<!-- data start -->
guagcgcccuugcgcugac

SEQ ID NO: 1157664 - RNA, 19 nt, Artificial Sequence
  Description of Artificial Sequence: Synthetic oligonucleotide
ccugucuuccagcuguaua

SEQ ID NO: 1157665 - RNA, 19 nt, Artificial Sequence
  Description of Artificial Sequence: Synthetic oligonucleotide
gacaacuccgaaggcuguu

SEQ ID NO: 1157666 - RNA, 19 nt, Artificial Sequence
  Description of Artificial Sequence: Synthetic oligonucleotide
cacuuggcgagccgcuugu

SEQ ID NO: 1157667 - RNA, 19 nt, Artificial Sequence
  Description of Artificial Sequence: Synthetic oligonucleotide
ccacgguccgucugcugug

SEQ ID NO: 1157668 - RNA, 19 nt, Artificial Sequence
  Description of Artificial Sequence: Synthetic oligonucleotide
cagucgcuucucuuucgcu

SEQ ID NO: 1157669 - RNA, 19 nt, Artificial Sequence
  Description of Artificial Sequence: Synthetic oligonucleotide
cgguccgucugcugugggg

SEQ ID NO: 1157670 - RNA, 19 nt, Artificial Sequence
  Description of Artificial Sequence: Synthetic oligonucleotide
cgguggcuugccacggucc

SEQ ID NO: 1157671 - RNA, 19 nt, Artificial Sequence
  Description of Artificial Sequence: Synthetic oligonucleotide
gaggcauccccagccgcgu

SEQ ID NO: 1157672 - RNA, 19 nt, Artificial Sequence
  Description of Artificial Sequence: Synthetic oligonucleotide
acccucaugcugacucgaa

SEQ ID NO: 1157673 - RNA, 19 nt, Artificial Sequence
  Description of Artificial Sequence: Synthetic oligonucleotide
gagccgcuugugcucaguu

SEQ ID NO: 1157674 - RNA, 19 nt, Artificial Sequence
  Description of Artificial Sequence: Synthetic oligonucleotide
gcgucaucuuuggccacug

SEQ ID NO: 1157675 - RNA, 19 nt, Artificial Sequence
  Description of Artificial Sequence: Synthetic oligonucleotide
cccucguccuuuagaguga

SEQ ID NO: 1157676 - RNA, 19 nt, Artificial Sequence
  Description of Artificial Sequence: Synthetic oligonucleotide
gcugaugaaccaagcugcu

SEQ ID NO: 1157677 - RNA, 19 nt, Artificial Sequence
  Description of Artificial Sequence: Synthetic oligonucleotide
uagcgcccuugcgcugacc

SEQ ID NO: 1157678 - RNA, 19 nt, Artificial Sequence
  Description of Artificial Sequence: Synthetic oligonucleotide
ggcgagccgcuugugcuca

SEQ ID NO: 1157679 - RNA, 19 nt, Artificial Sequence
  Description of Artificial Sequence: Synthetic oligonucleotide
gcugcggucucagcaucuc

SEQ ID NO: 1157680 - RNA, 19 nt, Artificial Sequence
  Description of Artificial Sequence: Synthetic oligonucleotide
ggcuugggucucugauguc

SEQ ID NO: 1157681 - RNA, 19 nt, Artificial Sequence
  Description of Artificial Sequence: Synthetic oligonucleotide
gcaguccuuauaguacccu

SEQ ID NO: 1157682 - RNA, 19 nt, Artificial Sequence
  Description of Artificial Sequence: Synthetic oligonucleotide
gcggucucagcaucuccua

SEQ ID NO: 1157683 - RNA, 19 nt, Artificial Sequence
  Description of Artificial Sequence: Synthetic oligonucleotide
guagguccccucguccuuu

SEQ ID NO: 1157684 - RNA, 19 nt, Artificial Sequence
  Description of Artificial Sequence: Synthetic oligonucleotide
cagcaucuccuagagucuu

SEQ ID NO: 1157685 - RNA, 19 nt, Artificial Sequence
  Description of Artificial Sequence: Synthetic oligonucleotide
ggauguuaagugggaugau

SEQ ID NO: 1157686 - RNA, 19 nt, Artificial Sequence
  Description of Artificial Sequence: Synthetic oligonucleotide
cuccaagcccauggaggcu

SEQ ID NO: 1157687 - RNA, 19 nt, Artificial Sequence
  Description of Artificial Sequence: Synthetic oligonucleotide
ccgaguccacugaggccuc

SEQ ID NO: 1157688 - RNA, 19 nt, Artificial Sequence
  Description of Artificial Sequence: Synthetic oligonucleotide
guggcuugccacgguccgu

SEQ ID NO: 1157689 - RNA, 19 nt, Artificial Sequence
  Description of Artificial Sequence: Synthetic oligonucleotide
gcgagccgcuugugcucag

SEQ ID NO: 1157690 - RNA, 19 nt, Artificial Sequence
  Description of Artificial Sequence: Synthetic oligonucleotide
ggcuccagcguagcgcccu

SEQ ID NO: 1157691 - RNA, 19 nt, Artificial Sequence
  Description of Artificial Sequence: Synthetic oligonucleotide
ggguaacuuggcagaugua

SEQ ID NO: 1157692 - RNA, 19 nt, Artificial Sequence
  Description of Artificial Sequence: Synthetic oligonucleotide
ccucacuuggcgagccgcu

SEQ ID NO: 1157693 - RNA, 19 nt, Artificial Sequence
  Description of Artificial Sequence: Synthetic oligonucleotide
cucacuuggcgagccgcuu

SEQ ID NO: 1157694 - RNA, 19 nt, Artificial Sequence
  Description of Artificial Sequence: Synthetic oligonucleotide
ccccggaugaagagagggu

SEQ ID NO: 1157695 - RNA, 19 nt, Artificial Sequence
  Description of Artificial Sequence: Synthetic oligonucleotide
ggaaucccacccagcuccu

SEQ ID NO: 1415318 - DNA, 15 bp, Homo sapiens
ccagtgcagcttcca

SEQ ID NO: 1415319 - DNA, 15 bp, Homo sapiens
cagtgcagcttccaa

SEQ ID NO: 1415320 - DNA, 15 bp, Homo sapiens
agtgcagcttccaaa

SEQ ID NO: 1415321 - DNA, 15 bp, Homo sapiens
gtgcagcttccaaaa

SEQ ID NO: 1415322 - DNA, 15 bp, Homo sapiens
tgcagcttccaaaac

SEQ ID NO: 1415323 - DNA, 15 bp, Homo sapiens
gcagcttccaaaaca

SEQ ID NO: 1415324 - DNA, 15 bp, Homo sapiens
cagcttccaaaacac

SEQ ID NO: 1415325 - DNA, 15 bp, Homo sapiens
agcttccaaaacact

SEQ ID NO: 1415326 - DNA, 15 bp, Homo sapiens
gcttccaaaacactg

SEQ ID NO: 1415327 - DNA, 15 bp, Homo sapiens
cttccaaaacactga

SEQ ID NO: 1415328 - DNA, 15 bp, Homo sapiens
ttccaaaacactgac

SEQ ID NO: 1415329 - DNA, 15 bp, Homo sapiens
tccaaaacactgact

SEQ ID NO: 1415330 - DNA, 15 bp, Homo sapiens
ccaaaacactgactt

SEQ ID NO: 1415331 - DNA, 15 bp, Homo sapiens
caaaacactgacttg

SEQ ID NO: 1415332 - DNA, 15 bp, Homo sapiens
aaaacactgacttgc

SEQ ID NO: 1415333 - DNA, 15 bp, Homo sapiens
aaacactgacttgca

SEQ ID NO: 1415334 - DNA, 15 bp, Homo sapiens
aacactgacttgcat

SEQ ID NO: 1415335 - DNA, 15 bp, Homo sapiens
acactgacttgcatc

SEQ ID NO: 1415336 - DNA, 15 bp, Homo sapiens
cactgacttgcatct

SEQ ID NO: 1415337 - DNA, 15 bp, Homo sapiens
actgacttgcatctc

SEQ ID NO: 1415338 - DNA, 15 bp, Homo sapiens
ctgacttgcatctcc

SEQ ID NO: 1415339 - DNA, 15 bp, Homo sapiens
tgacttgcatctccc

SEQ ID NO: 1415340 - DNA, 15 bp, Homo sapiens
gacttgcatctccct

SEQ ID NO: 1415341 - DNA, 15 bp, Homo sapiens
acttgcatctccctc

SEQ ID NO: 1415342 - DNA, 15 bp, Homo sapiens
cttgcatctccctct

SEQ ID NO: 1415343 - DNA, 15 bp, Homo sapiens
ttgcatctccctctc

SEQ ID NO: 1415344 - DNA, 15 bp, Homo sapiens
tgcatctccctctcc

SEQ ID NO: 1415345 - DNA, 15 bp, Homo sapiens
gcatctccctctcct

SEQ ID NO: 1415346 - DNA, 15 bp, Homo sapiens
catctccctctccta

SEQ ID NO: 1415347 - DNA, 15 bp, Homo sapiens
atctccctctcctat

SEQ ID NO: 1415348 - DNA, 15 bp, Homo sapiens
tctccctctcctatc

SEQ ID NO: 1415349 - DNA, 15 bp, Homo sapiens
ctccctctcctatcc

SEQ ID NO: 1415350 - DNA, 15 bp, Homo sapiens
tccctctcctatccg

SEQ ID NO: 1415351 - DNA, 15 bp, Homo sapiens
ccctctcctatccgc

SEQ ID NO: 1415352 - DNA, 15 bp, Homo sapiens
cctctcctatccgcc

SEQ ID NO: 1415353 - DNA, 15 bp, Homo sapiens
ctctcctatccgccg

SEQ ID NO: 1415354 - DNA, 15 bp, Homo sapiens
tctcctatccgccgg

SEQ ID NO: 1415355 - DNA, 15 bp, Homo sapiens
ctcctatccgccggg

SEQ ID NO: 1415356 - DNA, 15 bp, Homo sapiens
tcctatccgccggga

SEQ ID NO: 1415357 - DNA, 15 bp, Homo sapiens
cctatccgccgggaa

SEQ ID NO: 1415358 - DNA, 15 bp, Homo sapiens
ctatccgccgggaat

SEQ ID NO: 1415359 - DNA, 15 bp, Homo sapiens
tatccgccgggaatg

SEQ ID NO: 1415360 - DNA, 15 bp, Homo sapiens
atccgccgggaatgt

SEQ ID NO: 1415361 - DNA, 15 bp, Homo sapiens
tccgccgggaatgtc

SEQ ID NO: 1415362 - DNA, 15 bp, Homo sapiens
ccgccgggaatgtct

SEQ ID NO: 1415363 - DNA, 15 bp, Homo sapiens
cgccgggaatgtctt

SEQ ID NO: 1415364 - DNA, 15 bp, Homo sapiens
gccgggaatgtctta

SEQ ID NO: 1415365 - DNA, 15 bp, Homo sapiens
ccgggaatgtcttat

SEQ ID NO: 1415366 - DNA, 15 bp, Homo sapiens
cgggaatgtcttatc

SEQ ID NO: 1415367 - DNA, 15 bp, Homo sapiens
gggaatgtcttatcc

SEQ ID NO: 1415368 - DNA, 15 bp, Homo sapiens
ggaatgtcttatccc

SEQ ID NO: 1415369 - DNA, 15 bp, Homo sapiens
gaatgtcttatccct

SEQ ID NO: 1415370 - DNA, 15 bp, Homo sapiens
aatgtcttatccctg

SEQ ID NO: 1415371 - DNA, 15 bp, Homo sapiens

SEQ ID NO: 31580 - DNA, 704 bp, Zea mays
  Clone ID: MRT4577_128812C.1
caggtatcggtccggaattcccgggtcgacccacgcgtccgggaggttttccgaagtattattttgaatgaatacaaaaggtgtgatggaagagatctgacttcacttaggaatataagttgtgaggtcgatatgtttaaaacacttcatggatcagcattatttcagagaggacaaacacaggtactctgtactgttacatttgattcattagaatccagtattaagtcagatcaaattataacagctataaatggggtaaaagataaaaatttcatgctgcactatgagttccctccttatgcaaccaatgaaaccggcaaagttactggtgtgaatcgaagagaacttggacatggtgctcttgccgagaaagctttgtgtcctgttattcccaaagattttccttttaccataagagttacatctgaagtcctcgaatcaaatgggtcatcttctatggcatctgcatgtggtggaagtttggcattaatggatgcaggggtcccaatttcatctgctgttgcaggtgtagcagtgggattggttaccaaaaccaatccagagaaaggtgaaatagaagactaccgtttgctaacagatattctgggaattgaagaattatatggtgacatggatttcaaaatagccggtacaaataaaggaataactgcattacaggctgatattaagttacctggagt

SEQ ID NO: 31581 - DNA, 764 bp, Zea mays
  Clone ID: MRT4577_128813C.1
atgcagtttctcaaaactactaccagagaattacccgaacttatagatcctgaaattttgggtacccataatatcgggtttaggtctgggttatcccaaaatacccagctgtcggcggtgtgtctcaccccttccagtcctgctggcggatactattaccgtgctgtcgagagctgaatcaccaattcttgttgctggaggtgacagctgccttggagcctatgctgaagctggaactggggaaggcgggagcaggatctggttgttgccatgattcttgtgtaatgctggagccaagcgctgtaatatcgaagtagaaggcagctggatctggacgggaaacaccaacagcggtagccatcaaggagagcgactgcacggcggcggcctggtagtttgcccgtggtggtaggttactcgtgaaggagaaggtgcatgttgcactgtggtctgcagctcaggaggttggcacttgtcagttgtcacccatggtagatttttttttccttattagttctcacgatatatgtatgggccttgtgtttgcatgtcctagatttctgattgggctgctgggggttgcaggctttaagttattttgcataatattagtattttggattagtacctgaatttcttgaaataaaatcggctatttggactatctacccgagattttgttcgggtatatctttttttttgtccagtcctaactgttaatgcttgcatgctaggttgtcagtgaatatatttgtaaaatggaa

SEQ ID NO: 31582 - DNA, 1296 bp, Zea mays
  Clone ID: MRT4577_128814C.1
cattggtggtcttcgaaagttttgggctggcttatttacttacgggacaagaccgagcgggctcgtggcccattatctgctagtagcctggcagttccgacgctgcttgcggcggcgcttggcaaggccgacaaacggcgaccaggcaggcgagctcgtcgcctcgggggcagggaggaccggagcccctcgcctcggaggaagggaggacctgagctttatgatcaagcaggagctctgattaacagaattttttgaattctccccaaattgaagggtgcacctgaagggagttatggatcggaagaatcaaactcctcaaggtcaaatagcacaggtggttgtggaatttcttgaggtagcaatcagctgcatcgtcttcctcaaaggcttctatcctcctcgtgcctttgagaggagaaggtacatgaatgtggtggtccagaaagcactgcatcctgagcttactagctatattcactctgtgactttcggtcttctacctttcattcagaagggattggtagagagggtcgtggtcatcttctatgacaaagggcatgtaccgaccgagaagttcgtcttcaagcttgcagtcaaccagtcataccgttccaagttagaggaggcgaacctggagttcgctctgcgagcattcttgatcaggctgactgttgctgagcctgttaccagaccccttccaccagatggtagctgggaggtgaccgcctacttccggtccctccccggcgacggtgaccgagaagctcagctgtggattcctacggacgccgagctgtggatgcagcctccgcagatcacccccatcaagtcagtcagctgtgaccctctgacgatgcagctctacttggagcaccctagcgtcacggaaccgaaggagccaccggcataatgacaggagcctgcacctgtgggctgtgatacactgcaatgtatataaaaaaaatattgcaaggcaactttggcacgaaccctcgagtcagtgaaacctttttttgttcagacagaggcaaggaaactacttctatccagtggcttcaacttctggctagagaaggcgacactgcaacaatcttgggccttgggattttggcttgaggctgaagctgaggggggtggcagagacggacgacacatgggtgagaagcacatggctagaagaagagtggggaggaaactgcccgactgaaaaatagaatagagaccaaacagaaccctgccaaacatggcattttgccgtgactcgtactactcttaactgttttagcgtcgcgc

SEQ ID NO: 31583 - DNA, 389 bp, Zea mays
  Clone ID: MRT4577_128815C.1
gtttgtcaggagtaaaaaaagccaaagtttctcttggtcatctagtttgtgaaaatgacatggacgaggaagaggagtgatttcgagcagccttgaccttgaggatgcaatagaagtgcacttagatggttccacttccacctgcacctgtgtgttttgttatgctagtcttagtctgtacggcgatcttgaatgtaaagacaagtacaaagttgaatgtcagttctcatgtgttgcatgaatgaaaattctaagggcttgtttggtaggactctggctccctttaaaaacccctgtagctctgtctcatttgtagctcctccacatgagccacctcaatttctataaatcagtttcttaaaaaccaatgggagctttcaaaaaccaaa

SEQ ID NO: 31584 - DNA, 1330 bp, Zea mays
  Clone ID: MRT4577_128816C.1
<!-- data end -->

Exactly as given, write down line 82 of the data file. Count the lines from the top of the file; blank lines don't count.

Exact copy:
ggcuccagcguagcgcccu